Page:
The first is one of the best film scores of its time (although having since discovered John Adams and more recently Aaron J. Kernis, I realise it's not as original as I used to think). The 2nd adds the best blend of techno/electronic music and orchestra I've heard. The third is still good, but a bit too generic for my tastes. A bit like run-of-the-mill Horner, if less derivative.

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In my current score tastes, my list of overrated scores of the decade could easily turn into a 'which Williams scores do I now find boring and old school?' list.

I'll try not to do that, but here are a few (almost guaranteed to be highly controversial):

  • Up - outside Ellie's theme, I just can't get into this score at all. I love "The Ellie Badge", but the middle and final 'battle' portions of the score lose me completely. I still think Giacchino deserved his oscar because other material I've heard from him wipes the floor of other composers.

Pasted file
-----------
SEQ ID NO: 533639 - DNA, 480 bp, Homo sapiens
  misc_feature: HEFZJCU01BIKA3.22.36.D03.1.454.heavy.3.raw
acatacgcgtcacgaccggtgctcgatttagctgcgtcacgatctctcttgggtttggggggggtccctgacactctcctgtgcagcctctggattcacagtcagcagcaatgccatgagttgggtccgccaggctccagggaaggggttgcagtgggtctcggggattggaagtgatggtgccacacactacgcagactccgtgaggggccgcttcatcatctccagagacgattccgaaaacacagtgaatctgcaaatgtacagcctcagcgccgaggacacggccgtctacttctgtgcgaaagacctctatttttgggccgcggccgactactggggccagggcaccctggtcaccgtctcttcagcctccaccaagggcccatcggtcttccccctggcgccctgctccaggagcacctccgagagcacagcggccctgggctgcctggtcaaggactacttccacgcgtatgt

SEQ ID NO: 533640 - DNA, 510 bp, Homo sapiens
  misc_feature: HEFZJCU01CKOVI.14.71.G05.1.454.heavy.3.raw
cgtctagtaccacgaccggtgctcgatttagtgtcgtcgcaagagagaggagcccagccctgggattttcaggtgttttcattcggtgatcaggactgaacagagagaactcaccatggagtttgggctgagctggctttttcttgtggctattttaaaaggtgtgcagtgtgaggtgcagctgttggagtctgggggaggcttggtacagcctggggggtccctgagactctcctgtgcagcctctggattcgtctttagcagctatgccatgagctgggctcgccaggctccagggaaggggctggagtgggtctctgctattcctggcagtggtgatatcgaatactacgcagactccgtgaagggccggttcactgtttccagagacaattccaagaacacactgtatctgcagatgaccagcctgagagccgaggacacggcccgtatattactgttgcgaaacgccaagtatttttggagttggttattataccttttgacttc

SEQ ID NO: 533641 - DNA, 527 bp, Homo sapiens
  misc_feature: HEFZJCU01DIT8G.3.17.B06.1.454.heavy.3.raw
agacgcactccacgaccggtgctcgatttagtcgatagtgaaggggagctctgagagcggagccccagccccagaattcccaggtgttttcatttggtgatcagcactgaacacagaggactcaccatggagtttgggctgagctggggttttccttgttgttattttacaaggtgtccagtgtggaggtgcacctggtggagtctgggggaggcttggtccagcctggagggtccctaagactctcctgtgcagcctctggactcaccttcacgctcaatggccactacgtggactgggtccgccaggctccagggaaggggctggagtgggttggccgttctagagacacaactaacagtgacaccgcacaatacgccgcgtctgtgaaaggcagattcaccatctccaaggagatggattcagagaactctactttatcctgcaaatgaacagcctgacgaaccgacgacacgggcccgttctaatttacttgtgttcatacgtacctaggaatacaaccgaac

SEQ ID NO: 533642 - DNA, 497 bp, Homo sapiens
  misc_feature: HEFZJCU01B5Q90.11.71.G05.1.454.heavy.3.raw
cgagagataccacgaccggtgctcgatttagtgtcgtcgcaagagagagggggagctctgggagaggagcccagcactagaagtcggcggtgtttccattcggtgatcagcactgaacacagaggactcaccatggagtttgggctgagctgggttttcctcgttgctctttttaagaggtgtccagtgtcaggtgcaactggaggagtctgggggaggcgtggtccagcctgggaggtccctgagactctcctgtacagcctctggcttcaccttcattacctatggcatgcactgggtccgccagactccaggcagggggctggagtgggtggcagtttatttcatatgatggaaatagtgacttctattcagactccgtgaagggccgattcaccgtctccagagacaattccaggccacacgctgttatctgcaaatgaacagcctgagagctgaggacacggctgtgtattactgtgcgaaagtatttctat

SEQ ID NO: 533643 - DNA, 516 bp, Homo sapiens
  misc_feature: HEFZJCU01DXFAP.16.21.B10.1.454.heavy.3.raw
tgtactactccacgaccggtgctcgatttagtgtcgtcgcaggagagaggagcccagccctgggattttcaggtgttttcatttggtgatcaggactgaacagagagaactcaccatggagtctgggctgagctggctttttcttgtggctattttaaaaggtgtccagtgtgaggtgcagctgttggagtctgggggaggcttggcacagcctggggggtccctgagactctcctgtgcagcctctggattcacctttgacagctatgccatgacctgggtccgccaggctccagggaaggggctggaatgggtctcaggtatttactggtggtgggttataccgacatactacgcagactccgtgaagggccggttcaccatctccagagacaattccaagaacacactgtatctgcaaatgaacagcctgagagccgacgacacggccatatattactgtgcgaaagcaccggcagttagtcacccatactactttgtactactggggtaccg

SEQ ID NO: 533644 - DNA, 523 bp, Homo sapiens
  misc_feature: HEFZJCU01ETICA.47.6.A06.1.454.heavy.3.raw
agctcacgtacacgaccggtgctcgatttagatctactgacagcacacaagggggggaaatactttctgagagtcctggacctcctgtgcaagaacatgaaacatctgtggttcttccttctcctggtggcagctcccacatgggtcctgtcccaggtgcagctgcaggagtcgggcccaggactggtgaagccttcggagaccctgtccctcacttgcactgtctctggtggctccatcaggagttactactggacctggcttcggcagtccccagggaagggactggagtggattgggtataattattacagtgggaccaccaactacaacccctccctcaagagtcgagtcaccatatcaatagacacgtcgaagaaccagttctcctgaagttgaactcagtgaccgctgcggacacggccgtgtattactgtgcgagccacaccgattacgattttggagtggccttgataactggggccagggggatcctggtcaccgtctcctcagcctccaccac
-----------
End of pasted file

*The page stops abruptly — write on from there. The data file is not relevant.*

• Creation - some people are calling this Young's The Village, but I'm afraid that where JNH's score grips me, Young's frankly bores me. There seemed to be long stretches where not much happened, and a few times the bass (or whatever it is) nearly blew up my speakers.

  • Drag Me to Hell - I love the main theme, but the more dissonant tracks do nothing for me. This score has none of the subtleties of Species, a score I love to bits.
  • Munich - holy hell does this one bore me. The main theme is excellent, but most of the underscore could easily send me to sleep. It doesn't help of course that the film is among my least favourite Spielberg movies ever.